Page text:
You have heard a lot about how much information kids and teens post online from selfies to videos to updates about their day. You have also heard countless stories of kids getting in trouble at school or losing scholarships because of oversharing online. But what about parents oversharing? If the recent cover of Time Magazine on hyper-connected millennial parents is any indication, parents are spending a lot of time on devices and posting a lot about their lives, including their children.
The winter holidays are almost here and many parents will be updating Facebook, Instagram, and YouTube with family photos,videos, and stories. The Family Online Safety Institute (FOSI) wanted to learn more about whether parents are oversharing and recently conducted a research project with Hart Research Associates, on “Parents, Privacy and Technology Use” to examine how parents model good technology habits for their kids.
Our focus groups took place in early September and many parents shared that they posted updates, photos, and even the school’s name and location as their kids headed back to school. When asked to reflect more about what they post or their friends post about their kids, some parents started to share examples of over-the-top updates and other parents posting personal information about kids.
Most parents surveyed gave themselves an A or B when asked to grade how they are doing at setting a good example for online behavior, but when we dug deeper, we heard from parents who overshared information and embarrassed their kids. Some found themselves spending too much time on devices or sometimes just couldn’t set restrictions on time or use of technology because they were busy and letting their kids online meant getting a few quiet minutes or hours to get other things done at home.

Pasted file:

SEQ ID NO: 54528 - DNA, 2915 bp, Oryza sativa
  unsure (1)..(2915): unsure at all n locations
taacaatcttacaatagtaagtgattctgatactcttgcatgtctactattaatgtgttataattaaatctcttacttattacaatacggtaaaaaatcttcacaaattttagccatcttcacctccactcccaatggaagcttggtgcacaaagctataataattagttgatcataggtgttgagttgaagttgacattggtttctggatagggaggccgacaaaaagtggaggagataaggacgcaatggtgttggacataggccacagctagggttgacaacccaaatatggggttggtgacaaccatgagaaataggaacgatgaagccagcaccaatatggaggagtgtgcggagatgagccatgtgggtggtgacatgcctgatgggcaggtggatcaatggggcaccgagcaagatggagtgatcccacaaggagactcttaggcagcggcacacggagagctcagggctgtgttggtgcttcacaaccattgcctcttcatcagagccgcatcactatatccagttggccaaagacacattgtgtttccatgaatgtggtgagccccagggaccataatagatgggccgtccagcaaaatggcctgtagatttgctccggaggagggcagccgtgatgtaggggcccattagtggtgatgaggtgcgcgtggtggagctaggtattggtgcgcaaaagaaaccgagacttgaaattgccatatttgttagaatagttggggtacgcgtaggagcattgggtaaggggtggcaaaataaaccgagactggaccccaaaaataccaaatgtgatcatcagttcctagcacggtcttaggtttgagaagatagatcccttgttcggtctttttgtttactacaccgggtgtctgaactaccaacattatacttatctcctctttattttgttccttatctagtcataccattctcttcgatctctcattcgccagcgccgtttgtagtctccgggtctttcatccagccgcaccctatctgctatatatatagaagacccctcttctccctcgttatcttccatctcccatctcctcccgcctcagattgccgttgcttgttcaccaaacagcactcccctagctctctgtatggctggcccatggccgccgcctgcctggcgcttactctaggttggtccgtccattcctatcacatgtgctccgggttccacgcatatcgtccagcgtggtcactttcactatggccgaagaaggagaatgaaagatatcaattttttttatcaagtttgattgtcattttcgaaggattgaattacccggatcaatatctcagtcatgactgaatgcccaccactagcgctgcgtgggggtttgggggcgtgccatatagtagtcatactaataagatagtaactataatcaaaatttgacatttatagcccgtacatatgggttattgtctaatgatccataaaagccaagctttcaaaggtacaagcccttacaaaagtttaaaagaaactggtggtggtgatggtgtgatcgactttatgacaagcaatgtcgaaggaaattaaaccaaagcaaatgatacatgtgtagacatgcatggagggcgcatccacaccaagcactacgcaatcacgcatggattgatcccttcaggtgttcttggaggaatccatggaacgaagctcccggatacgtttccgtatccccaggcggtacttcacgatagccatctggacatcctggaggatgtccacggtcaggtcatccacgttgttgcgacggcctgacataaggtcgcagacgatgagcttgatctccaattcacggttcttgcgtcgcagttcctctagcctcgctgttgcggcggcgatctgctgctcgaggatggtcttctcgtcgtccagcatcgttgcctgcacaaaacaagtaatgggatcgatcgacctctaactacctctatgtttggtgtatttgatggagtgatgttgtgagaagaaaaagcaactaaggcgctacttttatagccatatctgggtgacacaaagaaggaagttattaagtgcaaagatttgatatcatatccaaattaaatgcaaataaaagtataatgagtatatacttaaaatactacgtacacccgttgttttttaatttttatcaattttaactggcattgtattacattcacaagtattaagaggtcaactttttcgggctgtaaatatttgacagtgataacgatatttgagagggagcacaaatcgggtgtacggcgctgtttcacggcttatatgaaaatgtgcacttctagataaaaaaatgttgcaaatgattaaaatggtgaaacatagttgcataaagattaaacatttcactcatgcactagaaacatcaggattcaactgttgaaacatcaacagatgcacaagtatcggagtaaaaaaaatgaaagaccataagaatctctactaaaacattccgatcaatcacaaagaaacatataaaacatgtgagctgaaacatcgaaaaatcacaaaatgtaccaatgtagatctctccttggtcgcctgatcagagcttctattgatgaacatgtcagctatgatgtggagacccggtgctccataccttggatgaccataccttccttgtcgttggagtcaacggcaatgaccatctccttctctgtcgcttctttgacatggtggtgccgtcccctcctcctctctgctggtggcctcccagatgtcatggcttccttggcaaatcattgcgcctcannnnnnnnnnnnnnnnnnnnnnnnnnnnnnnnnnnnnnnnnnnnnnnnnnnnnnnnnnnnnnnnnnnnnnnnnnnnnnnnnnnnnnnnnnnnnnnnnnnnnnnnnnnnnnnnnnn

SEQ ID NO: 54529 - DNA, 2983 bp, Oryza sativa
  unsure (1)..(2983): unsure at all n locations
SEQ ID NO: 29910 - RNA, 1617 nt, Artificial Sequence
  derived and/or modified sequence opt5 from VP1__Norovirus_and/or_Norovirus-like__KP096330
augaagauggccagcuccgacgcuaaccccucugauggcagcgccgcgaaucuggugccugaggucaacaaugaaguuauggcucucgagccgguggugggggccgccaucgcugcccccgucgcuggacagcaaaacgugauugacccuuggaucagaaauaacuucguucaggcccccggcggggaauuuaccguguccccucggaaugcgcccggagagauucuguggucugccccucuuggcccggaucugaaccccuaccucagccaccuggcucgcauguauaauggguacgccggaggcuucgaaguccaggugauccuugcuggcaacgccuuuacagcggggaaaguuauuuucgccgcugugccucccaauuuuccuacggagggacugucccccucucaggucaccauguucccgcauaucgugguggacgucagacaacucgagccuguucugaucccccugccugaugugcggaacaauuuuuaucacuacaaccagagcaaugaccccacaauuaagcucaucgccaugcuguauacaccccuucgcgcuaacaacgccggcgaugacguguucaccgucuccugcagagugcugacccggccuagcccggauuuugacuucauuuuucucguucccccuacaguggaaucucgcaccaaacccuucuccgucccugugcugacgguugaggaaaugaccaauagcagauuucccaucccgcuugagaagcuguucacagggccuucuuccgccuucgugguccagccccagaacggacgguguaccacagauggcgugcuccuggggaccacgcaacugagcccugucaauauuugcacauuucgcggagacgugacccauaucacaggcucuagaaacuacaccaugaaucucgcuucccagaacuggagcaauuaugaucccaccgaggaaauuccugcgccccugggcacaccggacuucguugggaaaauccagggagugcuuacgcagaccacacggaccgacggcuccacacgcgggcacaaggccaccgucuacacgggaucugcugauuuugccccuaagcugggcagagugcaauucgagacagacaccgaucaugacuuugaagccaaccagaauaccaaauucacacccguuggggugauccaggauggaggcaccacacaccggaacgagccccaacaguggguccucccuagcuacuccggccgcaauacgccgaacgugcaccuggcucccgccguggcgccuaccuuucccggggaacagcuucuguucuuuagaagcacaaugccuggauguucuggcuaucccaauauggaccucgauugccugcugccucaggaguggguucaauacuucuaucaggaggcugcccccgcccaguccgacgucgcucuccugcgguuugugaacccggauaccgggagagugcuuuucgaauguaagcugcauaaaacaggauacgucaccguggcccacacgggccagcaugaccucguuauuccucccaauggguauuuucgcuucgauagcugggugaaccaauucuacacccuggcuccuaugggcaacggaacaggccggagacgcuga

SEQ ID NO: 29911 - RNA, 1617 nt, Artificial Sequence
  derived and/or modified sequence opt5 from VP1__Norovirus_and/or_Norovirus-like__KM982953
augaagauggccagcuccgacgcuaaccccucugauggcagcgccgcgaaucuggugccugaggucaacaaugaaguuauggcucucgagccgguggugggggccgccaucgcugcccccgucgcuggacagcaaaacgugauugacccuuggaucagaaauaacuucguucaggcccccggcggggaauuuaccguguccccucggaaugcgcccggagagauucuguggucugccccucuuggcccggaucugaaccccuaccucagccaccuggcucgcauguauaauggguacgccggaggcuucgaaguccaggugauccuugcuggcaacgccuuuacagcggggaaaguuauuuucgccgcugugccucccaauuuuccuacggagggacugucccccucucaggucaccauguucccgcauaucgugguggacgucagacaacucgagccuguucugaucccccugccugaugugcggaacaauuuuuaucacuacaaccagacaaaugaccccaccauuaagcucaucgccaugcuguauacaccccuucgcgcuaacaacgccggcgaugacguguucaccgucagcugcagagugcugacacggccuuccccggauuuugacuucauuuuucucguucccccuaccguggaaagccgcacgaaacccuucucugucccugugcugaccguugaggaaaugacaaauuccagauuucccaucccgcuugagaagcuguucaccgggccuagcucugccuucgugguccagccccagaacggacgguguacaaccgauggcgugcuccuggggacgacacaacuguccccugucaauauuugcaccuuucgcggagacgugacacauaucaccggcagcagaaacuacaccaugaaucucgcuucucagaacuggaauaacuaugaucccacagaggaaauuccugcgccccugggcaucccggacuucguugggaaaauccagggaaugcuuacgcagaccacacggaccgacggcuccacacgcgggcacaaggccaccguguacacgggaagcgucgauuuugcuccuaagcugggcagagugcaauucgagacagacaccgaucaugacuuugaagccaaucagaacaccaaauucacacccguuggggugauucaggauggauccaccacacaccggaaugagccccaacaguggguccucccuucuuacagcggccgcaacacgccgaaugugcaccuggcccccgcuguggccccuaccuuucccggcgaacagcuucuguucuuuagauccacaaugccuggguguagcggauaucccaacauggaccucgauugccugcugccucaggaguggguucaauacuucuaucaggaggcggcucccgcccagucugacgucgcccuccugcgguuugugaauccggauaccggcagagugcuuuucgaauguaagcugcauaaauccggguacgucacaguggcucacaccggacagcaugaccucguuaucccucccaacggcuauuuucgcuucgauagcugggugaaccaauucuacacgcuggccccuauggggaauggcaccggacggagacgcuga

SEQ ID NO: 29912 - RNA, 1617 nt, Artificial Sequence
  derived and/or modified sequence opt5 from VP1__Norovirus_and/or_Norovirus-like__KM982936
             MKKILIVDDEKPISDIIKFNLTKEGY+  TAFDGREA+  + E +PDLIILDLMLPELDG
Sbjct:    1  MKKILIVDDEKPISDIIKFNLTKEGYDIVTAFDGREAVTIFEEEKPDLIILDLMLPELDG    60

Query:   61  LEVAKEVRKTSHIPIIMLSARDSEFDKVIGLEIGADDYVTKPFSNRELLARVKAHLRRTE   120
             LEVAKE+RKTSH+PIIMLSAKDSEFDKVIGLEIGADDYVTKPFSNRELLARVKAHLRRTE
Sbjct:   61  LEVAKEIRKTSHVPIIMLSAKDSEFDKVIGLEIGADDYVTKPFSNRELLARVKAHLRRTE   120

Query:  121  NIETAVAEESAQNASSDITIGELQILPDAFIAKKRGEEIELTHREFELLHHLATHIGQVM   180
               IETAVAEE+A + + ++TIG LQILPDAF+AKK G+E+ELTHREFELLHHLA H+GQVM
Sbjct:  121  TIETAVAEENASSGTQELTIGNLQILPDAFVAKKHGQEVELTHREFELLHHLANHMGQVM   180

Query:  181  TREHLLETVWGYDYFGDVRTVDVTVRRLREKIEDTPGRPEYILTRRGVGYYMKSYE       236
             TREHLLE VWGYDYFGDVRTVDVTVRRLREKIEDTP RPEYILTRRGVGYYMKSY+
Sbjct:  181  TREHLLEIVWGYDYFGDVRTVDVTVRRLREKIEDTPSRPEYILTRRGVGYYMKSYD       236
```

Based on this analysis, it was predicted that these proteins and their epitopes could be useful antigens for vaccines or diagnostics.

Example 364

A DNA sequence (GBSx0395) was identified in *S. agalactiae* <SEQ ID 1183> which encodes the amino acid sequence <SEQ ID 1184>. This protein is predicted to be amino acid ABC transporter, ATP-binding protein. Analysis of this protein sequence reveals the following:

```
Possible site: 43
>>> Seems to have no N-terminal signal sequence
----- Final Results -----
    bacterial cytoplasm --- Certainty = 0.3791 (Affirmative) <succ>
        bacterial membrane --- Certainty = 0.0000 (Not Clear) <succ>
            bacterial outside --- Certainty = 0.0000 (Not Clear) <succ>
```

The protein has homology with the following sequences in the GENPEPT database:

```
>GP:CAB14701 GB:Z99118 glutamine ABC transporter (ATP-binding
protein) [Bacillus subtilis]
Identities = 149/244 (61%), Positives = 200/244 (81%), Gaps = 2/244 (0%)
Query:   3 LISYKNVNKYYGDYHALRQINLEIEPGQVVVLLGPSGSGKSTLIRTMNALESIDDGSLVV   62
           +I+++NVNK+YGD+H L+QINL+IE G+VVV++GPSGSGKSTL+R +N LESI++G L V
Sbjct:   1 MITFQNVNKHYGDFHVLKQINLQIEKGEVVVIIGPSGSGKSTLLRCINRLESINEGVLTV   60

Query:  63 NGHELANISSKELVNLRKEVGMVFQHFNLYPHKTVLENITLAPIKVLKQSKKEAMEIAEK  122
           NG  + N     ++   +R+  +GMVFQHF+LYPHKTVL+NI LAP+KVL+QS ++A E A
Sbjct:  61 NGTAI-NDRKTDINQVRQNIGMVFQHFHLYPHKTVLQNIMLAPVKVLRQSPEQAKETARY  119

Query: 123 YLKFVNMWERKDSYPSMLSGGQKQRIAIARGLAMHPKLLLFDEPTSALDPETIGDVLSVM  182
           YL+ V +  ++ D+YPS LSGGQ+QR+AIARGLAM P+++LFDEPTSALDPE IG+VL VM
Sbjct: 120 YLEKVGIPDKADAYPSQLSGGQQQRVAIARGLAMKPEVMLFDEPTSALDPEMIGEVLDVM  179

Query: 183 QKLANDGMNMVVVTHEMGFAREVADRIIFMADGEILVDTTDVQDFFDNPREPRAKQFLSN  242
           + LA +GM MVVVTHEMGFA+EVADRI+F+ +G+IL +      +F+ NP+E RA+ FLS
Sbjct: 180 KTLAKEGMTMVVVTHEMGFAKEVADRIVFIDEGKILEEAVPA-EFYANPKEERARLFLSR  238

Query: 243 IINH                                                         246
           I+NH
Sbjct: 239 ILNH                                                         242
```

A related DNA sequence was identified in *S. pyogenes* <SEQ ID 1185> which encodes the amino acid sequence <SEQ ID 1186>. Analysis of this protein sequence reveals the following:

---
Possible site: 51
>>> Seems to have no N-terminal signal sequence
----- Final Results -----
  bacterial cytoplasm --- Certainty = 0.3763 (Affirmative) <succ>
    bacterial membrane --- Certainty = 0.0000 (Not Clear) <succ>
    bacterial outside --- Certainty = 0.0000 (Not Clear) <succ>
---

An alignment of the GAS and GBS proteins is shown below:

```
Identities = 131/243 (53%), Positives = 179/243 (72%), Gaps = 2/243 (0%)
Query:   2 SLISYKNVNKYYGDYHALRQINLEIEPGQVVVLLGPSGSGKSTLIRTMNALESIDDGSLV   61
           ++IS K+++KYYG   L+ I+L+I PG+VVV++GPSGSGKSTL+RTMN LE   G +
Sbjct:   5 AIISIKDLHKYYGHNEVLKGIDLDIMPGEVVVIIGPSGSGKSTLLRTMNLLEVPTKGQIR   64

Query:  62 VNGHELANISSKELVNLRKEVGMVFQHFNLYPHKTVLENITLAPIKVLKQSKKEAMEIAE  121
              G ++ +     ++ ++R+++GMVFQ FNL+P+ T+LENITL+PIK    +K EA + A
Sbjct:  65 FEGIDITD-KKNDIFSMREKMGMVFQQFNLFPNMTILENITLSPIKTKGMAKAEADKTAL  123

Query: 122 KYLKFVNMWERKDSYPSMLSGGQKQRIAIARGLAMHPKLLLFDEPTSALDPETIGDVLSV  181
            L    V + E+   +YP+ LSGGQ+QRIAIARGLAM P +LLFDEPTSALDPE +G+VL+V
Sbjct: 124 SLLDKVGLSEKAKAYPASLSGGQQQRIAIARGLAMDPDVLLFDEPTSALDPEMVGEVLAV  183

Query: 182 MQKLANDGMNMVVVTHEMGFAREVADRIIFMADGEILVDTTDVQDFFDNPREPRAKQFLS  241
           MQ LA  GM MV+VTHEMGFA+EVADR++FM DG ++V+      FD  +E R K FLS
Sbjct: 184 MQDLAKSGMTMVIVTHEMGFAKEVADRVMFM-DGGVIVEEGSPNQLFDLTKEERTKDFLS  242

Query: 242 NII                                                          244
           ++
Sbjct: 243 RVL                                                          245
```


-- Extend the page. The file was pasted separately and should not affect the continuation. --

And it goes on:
A few parents even told us how much they liked sharing updates about their kids’ accomplishments because social media allowed them to publicly express their pride. One parent really wanted to share videos of her daughter’s singing, but stopped herself because she thought about the potential mean comments that might occur from a public posting.
According to our findings, one in five parents (19%), posted something online that their child may find embarrassing in the future, and 10% have said their child asked them to take down something they posted online about the child. Luckily only 7% said they posted something negative or critical about their child such as bad behavior.
We definitely want to encourage parents to use social media to share life’s milestones, accomplishments, and their child’s development with friends and family. But, you should also take some time to think about what you are sharing and with whom. Just as you teach your kids that “what goes online stays online,” you should also think about what you share. Could the extensive baby pictures or anecdotes about your teen’s friendship dramas or bad grades in math embarrass them in the future? Would you be upset if they posted the same information about themselves or their siblings? Who can see your updates, photos, or videos?
Whether it is venting about behavior, sharing anecdotes from issues at school or sharing a video of your child doing something silly, take a moment to reflect on whether the content would upset your child or is even sharing too much private information. Some key questions to think about before posting information about your kids on social networks:
Learn more about how to use privacy settings on your favorite social networks. There are a lot of ways to limit who can see what on social networks and we have some quick videos to help you navigate the settings so you can restrict what you are sharing to particular groups of friends or just your immediate family.
Ask your teens to help you. FOSI’s research found that 39% of parents learned something about using online social networks from their child and parents of teens are most likely to acknowledge learning something about technology from their child. If you ask them to help you with your privacy settings and talk about what should and shouldn’t be posted online, it helps you think about what you are posting and can also show you what your child already knows about privacy settings and whether they are thinking about their own digital footprint. Our report found that the parents who often use technology with their child are more confident that they can manage their child’s technology use - so take some time this holiday season to learn and explore sites and share social updates together.
Image courtesy of Flicker.